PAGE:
God said it, that settles it In full: God said it, that settles it—whether I believe it or not. See *God said it, I believe it, that settles it.
Bibles that are falling apart In full: Bibles that are falling apart usually belong to people who aren’t. A slogan that affirms the importance of reading the Bible regularly. The idea is that Christians who regularly read their Bibles may have shabby-looking Bibles but strong and healthy spiritual lives.
The expression is occasionally attributed to Charles Spurgeon (1834–1892), a well-known preacher, but it doesn’t appear in any of his published works, and aside from the occasional attribution of the quote to him (see 1994 citation), there is no evidence to support the idea that he coined the expression or made a special effort to popularize it.
1987 Dodson Contemplating the Word: A Practical Handbook 14 : As I write this book, there is a Bible on my desk. It is scruffy and dog-eared. Its back is broken. Many of its pages are detached from the binding. I call it my scribble Bible, and no contemplative should be without one. A delightful popular poster says that “Bibles that are falling apart are usually read by people who aren’t.” 1994 Evans Our God Is Awesome 213 : Charles Spurgeon said it best. “Bibles that are falling apart usually belong to people who aren’t.” If you want a life that’s held together, you need to wear your Bible out. 2004 Wood Motel America 88 : Some of the best [billboards] along these roads read, “Bibles that are falling apart usually belong to people who are not,” and, “God answers knee mail.”
God loves you and so do I Sometimes abbreviated *GLYASDI. A catchphrase that emphasizes two ideas: that God loves everyone and that the person speaking loves and accepts the listener unconditionally.
1977 Ziglar See You at the Top 76 : God would be pleased if you were to take one last look in the mirror before you start your day and say, Now remember, God loves you—and so do I. 1978 Schuller Daily Power Thoughts 16 : God loves you and so do I. And it is good and right for you to say, “God loves me and so do I!” Everytime a negative or critical thought about yourself enters your mind today, repeat that sentence to yourself. 1980 The Wittenburg Door (Oct.–Nov.) 32 : There is nothing more degrading and humiliating than being told in that syrupy God-loves-you-and-so-do-I voice that you really aren’t what you could be, should be or ought to be. 1988 Heller Talking to Your Child About God 11 : But when you can put aside your worries you can say to your child: “God is good and God loves you And so do I.” It seems so simple, but it’s those simple truths about religion that stick with children. 1997 Anderson Lectionary Preaching Workbook 94 : Dr. Robert Schuller, pastor of the Crystal Cathedral, always says during the course of his worship services, “God loves you and so do I.” This phrase has really caught on in some circles. 2004 Lathrop, Wengert Christian Assembly: Marks of the Church in a Pluralistic Age 11 : The sense of engagement with others has become available to us through laugh tracks, “you are there” sporting events, the personable pitches of shopping channels, the television preachers saying, “God loves you and so do I,” the “chat rooms,” even the exchange of virtual identities.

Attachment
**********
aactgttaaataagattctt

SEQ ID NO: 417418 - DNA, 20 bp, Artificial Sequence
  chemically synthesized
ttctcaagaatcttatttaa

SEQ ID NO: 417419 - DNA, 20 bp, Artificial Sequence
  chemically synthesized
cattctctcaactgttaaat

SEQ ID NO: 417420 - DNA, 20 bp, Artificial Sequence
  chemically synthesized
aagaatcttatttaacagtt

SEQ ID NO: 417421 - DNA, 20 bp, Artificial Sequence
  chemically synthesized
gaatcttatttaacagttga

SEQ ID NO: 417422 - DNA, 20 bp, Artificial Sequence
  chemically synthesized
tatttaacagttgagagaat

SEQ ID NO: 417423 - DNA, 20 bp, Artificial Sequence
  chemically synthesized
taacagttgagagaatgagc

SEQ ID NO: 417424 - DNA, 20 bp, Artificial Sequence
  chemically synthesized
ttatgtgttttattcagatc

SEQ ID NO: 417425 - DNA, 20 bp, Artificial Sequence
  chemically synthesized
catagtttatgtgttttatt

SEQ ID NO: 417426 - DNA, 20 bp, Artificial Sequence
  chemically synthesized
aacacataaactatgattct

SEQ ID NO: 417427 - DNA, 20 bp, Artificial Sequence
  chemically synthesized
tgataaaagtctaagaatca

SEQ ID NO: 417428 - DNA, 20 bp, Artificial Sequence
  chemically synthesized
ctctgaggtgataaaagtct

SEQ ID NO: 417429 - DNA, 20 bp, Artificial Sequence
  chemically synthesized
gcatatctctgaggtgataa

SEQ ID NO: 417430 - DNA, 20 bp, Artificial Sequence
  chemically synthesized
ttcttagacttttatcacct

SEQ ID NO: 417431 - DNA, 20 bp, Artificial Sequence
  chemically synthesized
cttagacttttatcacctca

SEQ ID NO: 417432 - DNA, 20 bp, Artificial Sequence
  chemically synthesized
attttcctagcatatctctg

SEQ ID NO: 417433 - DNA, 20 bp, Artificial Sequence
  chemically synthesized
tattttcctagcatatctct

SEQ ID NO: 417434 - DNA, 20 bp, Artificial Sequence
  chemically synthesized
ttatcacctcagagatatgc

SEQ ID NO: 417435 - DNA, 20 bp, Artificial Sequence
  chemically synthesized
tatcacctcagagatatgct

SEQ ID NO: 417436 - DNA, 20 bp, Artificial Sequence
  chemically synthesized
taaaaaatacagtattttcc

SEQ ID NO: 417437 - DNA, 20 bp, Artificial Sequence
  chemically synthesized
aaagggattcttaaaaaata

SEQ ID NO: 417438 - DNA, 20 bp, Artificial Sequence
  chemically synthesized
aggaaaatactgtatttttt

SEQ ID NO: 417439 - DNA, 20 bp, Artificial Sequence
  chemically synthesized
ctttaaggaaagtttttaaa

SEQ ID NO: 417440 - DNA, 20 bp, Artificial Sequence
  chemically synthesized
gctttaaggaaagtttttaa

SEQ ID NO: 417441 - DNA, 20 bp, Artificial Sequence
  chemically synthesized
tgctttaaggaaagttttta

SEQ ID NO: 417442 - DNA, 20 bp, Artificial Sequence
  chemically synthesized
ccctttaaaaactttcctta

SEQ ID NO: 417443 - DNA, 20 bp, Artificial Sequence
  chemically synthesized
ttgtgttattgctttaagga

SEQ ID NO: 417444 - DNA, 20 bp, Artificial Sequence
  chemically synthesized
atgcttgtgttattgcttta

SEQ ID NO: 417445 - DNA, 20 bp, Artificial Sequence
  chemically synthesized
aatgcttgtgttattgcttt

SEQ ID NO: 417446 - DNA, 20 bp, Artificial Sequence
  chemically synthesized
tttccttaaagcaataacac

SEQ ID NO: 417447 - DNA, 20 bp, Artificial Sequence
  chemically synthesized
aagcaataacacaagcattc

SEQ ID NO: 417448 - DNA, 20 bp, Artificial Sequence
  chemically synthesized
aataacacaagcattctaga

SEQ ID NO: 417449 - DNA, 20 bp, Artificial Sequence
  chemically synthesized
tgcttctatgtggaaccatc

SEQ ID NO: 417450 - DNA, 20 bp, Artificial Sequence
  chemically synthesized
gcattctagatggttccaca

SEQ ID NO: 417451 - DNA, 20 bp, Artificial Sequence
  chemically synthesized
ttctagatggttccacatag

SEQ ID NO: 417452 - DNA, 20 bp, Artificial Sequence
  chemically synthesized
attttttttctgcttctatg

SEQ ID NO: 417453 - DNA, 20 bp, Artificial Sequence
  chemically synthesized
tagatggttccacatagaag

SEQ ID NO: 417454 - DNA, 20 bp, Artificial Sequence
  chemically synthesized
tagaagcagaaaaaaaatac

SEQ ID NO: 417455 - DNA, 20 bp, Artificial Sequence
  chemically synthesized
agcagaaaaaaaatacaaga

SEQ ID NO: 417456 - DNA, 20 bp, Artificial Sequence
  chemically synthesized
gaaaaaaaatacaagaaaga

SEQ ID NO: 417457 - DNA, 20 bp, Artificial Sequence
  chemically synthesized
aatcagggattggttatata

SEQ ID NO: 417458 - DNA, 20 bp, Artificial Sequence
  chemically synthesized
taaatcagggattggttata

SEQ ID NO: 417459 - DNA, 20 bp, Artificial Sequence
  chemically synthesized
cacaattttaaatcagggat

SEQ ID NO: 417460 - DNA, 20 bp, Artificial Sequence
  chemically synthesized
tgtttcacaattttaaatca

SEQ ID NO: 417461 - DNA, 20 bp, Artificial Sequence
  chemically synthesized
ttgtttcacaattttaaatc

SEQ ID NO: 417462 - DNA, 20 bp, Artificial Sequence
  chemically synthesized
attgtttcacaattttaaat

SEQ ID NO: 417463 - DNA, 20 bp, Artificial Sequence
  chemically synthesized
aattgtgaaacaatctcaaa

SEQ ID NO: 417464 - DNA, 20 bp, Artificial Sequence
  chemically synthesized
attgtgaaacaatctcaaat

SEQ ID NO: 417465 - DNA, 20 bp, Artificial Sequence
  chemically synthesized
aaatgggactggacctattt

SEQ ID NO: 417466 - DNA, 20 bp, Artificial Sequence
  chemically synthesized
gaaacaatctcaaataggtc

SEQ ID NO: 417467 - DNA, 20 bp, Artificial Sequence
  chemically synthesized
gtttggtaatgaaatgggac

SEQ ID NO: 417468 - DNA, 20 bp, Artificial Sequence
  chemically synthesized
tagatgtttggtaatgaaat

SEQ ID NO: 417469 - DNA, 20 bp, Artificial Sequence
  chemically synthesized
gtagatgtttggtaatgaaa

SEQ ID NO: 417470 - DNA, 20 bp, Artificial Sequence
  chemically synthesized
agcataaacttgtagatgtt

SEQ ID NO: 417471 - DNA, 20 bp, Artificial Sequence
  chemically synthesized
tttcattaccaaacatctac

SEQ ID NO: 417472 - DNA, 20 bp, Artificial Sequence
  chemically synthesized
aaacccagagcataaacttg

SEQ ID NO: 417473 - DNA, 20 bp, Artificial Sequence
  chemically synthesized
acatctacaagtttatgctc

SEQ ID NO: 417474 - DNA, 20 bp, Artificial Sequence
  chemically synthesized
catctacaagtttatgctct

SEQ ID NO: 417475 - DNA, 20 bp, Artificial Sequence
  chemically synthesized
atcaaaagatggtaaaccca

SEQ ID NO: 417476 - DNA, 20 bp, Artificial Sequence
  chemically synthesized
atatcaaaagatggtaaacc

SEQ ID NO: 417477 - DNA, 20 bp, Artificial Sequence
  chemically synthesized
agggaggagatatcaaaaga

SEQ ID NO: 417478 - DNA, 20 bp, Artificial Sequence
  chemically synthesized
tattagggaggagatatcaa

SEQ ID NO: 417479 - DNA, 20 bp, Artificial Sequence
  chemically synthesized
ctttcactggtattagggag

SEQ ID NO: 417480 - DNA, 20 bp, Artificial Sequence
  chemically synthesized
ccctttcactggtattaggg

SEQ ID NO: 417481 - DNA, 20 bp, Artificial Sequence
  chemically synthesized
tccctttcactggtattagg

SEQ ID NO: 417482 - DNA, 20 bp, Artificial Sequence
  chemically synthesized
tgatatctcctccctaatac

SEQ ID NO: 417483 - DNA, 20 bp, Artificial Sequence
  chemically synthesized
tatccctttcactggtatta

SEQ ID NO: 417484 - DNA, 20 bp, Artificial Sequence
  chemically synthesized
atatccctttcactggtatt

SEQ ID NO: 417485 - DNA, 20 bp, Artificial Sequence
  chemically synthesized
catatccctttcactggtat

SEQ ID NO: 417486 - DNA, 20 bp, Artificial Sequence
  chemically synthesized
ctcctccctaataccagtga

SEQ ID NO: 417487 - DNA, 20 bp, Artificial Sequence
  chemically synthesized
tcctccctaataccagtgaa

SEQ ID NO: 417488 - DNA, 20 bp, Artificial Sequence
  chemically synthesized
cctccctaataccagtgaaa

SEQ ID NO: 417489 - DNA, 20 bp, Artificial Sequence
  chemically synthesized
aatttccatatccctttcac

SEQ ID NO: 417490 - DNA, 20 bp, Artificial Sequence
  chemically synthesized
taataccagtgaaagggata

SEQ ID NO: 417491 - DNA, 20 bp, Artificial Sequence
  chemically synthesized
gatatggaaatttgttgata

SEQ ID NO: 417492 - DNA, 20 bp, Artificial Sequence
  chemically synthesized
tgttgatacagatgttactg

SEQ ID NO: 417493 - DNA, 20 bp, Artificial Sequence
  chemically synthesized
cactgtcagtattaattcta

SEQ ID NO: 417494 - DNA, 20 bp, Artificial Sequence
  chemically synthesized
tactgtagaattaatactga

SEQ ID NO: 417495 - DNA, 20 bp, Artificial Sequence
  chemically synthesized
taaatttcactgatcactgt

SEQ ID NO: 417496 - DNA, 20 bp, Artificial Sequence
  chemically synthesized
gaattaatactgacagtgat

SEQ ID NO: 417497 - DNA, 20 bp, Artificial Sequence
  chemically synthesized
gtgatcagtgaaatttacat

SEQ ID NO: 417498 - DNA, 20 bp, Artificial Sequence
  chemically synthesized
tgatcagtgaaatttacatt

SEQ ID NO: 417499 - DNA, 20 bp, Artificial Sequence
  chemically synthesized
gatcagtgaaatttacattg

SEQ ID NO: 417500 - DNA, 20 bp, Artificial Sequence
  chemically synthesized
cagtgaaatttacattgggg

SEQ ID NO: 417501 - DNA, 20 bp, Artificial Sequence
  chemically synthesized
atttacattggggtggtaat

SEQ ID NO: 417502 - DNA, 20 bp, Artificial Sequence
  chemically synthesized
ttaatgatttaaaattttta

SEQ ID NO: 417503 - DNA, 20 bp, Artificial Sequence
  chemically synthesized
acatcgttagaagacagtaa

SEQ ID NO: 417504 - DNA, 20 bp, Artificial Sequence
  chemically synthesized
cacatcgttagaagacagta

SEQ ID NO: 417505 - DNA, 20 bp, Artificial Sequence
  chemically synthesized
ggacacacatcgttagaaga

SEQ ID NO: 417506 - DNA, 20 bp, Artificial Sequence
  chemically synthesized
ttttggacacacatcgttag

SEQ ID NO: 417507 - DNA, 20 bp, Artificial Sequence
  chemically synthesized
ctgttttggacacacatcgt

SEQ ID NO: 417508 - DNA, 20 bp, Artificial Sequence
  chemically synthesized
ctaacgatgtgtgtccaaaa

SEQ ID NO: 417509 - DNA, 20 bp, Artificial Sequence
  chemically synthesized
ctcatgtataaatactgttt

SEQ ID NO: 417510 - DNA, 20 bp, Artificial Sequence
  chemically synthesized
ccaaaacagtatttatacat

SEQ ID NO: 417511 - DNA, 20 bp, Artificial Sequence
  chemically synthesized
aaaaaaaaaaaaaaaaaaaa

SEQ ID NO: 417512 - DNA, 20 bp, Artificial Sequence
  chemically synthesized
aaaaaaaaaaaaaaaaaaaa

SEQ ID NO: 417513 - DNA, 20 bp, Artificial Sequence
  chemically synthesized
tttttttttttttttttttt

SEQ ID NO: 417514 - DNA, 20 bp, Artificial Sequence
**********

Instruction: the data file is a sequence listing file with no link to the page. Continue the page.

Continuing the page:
GLYASDI Initialism for *God loves you and so do I.
  • M&D

    “God loves you and so do I” will be part of my prayers. Thank you for the lovely reminder. So often we pray complex prayers using long ago verbiage, when we can simply our love for ourselves and others. God loves you and so do we!

    • It’s so true. The simplest prayers are often the most heartfelt and the most powerful.

  • ryan

    “It’s hard to criticize someone for firmly believing that the Bible contains God’s instructions to the human race.” Actually it’s extremely easy and the main reason people criticize Christians or any other dogmatically believing entity. In fact it’s even EASIER to criticize the author for making such an asinine statement.

    • John Conolley

      Seriously. If God had instructions for the human race, why didn’t he instruct us to wash our hands before eating? Why didn’t he instruct us on how to make soap? It’s really simple: “Boil tallow in water filtered through wood ashes.” (Thx to C.J. Cherryh for that wording.)

  • I commonly use: “Love your enemy. God said it. I believe it. That settles it.”

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  • duskglow

    When spoken to a non-Christian, it is *exactly* a sign of closed-mindedness, nothing more, nothing less. It is as important to state what you believe with *love* as it is to state what you believe, and stating it in this manner shows a complete unwillingness to meet someone where they are, which requires some flexibility. It doesn’t require flexibility in how you believe, but it absolutely does require flexibility in how you approach that belief with others, and “God said it, I believe it, that settles it”, is a really good way of closing off any dialog and turning the conversation into… “well, ok then. I guess we have nothing more to say to each other. Later”. And that would probably be one of the few things in which a non-Christian would shake the dust off *his* feet.

    And when spoken to a Christian… well, why would you? What’s there to argue?

    It’s a turn of phrase that I just don’t think should ever be used, because it’s inherently confrontational, argumentative, and just plain rude.